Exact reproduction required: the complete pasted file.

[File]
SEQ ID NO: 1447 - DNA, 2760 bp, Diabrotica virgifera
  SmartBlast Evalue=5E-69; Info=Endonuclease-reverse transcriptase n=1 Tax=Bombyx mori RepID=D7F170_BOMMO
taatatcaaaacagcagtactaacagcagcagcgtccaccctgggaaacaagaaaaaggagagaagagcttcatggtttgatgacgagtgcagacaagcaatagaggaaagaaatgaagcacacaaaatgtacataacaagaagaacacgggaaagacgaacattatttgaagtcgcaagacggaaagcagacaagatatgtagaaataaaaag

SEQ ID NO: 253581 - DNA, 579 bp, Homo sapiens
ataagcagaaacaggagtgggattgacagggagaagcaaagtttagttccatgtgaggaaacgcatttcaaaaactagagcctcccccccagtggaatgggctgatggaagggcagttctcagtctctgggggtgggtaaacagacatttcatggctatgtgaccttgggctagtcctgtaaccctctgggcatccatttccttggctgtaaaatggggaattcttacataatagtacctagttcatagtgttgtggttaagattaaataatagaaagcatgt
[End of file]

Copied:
SEQ ID NO: 1447 - DNA, 2760 bp, Diabrotica virgifera
  SmartBlast Evalue=5E-69; Info=Endonuclease-reverse transcriptase n=1 Tax=Bombyx mori RepID=D7F170_BOMMO
taatatcaaaacagcagtactaacagcagcagcgtccaccctgggaaacaagaaaaaggagagaagagcttcatggtttgatgacgagtgcagacaagcaatagaggaaagaaatgaagcacacaaaatgtacataacaagaagaacacgggaaagacgaacattatttgaagtcgcaagacggaaagcagacaagatatgtagaaataaaaag

SEQ ID NO: 253581 - DNA, 579 bp, Homo sapiens
ataagcagaaacaggagtgggattgacagggagaagcaaagtttagttccatgtgaggaaacgcatttcaaaaactagagcctcccccccagtggaatgggctgatggaagggcagttctcagtctctgggggtgggtaaacagacatttcatggctatgtgaccttgggctagtcctgtaaccctctgggcatccatttccttggctgtaaaatggggaattcttacataatagtacctagttcatagtgttgtggttaagattaaataatagaaagcatgt